I was with a girl and my dad was just like “I don’t want you to be with anybody. I don’t want you to be with a girl, a guy or anybody right now. I just want you to grow up because you are making decisions based on this girl.” Blah, blah, blah. And he was like, “Honestly, I don’t want you to bring this lifestyle in my house.” So, I was seventeen and I left the house. I don’t want to say I was kicked out, but had it come to that…and I never went home. He got over it a year later but he didn’t talk to me for a year.
Wow. And how did your mom react?
My mom went along with my dad but she would secretly pay for my allergy medicine and my contacts because I couldn’t afford it. And she would meet up with me secretly and buy me a new toothbrush and all those kind of little things. She would put little packages together for me to have. When my mom and I had some real talks about it she even said her heart broke when my dad kicked me out.
Your mom sounds like a really good person.
Yeah. I agreed with my father just saying don’t give up your whole life right now for a teenage relationship. Let yourself grow up a little bit more. I don’t disagree with him on that. I’m saying the same thing to my niece right now who’s graduating from high school talking about wanting to get married. [laughs] She’s the same as me. But as you know, in those years after high school you figure yourself out. I don’t know what I would be if was married to my first relationship.
Is it true that you are engaged?
No, I’m not engaged anymore…. It didn’t work out.
I’m sorry to hear that. So you’re single right now.
That’s OK. I’m dating, but I’m not as crazy official as I was in my last relationship.
How is it dating now that you have this level of fame?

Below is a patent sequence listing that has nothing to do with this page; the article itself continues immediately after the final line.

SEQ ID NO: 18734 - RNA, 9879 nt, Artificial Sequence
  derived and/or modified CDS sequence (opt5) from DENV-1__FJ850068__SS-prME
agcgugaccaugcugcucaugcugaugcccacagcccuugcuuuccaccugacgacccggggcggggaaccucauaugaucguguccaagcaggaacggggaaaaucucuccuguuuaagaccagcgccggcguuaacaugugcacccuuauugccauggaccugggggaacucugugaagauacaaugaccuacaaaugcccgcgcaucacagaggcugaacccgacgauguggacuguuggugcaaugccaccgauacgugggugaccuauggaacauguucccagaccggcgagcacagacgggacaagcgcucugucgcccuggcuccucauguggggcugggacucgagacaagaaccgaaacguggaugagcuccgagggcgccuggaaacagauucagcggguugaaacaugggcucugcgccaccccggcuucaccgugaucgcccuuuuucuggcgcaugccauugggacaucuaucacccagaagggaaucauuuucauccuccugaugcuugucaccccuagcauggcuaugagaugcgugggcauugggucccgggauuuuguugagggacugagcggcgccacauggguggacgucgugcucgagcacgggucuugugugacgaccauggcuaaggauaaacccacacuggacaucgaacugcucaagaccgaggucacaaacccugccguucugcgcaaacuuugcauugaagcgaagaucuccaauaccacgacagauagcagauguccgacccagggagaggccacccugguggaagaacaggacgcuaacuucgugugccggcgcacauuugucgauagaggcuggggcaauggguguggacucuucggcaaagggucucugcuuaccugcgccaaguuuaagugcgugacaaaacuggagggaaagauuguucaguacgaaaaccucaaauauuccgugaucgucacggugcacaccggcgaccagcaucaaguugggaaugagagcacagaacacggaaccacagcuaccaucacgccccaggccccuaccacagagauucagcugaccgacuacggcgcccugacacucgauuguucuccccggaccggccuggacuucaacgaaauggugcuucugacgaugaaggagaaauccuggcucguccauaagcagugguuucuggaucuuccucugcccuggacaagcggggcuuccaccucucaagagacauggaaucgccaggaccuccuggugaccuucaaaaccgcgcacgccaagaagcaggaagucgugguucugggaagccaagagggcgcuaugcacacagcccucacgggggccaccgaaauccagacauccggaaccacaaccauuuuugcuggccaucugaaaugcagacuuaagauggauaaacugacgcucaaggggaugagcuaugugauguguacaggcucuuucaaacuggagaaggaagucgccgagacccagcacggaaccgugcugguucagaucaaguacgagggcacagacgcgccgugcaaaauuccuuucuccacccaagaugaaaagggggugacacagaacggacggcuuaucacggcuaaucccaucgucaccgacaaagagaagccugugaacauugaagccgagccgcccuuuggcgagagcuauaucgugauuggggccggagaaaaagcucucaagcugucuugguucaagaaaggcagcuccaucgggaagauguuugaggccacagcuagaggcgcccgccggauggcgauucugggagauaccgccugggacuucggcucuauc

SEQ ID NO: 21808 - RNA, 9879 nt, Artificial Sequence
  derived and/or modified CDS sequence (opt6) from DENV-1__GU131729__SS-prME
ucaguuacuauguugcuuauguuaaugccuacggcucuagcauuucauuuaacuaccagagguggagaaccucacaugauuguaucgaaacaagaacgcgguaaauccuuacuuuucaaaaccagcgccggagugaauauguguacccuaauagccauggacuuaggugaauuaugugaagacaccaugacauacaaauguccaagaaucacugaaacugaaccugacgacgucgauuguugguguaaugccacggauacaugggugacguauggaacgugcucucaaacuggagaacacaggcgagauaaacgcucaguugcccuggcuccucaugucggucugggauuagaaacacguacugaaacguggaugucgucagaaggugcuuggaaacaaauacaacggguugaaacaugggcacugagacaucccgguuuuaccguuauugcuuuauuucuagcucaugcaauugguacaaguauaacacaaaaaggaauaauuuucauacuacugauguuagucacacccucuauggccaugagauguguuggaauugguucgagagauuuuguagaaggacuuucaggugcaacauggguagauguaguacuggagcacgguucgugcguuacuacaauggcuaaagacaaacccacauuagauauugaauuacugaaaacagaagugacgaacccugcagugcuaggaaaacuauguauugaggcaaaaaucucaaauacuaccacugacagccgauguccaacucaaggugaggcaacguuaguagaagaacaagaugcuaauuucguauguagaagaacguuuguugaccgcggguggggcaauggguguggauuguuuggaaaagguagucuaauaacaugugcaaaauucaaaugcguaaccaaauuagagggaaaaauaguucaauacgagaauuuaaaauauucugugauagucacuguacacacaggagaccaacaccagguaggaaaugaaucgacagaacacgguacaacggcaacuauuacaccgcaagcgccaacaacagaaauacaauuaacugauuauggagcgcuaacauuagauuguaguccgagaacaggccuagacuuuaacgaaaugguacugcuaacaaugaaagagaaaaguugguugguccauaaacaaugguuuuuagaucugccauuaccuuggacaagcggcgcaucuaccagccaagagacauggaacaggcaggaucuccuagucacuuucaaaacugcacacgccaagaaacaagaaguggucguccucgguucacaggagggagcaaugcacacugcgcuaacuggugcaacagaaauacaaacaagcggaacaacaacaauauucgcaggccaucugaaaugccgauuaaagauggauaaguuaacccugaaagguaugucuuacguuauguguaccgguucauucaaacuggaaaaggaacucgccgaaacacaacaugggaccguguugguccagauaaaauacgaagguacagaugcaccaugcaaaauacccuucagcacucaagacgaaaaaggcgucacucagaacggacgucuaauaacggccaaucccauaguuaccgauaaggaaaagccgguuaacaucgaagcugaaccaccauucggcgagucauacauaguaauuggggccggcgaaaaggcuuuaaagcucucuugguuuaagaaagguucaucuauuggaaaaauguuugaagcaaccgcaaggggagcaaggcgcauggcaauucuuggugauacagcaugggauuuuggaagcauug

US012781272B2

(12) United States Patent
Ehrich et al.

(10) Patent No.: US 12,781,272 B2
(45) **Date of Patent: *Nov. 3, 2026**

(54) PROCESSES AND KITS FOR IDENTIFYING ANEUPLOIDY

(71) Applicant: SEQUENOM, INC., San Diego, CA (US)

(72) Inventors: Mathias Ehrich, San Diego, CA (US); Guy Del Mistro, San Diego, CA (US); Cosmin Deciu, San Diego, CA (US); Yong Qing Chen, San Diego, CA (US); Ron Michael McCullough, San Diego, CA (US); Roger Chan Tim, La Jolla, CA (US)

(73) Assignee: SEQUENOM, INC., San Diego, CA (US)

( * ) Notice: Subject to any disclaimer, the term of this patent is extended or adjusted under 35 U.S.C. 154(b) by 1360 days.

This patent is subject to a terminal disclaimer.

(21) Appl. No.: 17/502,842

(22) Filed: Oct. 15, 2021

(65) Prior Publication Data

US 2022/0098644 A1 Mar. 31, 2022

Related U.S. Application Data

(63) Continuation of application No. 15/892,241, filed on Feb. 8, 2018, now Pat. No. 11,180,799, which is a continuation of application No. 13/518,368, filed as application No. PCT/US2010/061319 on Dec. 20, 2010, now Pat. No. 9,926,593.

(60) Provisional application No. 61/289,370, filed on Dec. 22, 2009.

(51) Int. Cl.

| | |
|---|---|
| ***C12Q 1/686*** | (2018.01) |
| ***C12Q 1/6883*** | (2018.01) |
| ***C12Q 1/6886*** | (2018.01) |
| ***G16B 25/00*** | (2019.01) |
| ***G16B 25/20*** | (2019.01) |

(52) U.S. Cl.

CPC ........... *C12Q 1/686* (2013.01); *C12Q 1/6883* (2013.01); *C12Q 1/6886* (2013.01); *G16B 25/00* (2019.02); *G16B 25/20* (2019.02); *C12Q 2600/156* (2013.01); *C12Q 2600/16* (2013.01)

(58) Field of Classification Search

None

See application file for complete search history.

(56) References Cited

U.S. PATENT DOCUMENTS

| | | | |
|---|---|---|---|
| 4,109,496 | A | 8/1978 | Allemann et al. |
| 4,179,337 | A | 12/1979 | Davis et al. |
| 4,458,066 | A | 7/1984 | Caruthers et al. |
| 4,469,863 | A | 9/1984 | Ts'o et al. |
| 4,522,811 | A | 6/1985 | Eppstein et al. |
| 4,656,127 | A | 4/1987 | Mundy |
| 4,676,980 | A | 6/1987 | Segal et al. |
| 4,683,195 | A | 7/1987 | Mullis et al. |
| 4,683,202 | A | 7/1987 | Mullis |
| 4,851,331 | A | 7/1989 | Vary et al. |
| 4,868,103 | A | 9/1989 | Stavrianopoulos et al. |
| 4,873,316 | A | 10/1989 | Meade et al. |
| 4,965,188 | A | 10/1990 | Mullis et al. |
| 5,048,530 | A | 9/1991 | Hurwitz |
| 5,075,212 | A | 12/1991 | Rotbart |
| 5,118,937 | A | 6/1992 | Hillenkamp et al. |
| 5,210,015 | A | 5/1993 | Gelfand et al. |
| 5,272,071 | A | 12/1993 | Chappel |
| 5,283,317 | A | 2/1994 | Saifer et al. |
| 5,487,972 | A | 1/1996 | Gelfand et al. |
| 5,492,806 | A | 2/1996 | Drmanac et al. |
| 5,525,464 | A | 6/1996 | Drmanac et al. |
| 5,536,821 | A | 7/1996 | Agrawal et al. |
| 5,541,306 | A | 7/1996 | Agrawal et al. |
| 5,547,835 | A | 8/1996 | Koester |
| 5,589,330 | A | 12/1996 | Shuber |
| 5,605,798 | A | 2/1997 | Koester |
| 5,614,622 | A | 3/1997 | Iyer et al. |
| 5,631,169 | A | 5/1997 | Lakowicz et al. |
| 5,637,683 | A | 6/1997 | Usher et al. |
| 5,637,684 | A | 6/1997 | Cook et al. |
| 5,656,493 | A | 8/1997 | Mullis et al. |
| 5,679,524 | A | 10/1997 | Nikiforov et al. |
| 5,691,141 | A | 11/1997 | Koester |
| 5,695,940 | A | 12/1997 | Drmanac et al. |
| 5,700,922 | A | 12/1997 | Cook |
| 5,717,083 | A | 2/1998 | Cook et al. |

I’m sticking to people who don’t know me from the show. Right when I got off the show everybody wanted to be my friend and I could see right through all of that so I’m pretty good about picking people out and knowing who’s basing their friendship or relationship with me on one thing.
Do you have a favorite lesbian movie or TV show?
Well, the first movie that gave me that tingle [laughs] was definitely Gia. That was the first one. I was younger and I was like “Ah. For some reason I feel weird when I watch this. And I have to lock my door so my mom doesn’t come in.” [laughs] I’d go with that.
Do you watch The Real L Word, the reality show?
Yeah. [laughs] I just watched a couple of episodes. My friend, Jaq, was on…I forget the episode…I guess she worked with the girl with dreadlocks so she was in a couple of the episodes with her.
What did you think of the show?
Well, I liked it. I would have watched more if I wasn’t just watching the ones that she was on, but I like The L Word so watching The Real L Word was cool. I wonder if some of that drama is sometimes fabricated, but according to Jaq it’s not. So that was pretty interesting. I’m like wow, I’m not that dramatic with my friends.
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i love her! i’m so glad she made it far on the show and is doing well :)
Good interview. I’d heard of her, but I don’t watch those talent shows so I didn’t know what she sounded like. Now that I’ve checked her out I have to say, she has a great voice and that song, Come Along, is really catchy.
Wow. I am such a big Vicci Martinez fan, so seeing her on AUTOSTRADDLE, my favorite WEBSITE, is just too much of a combination. I am rendered speechless. I love her and I love this interview.
So. Much. Emotion.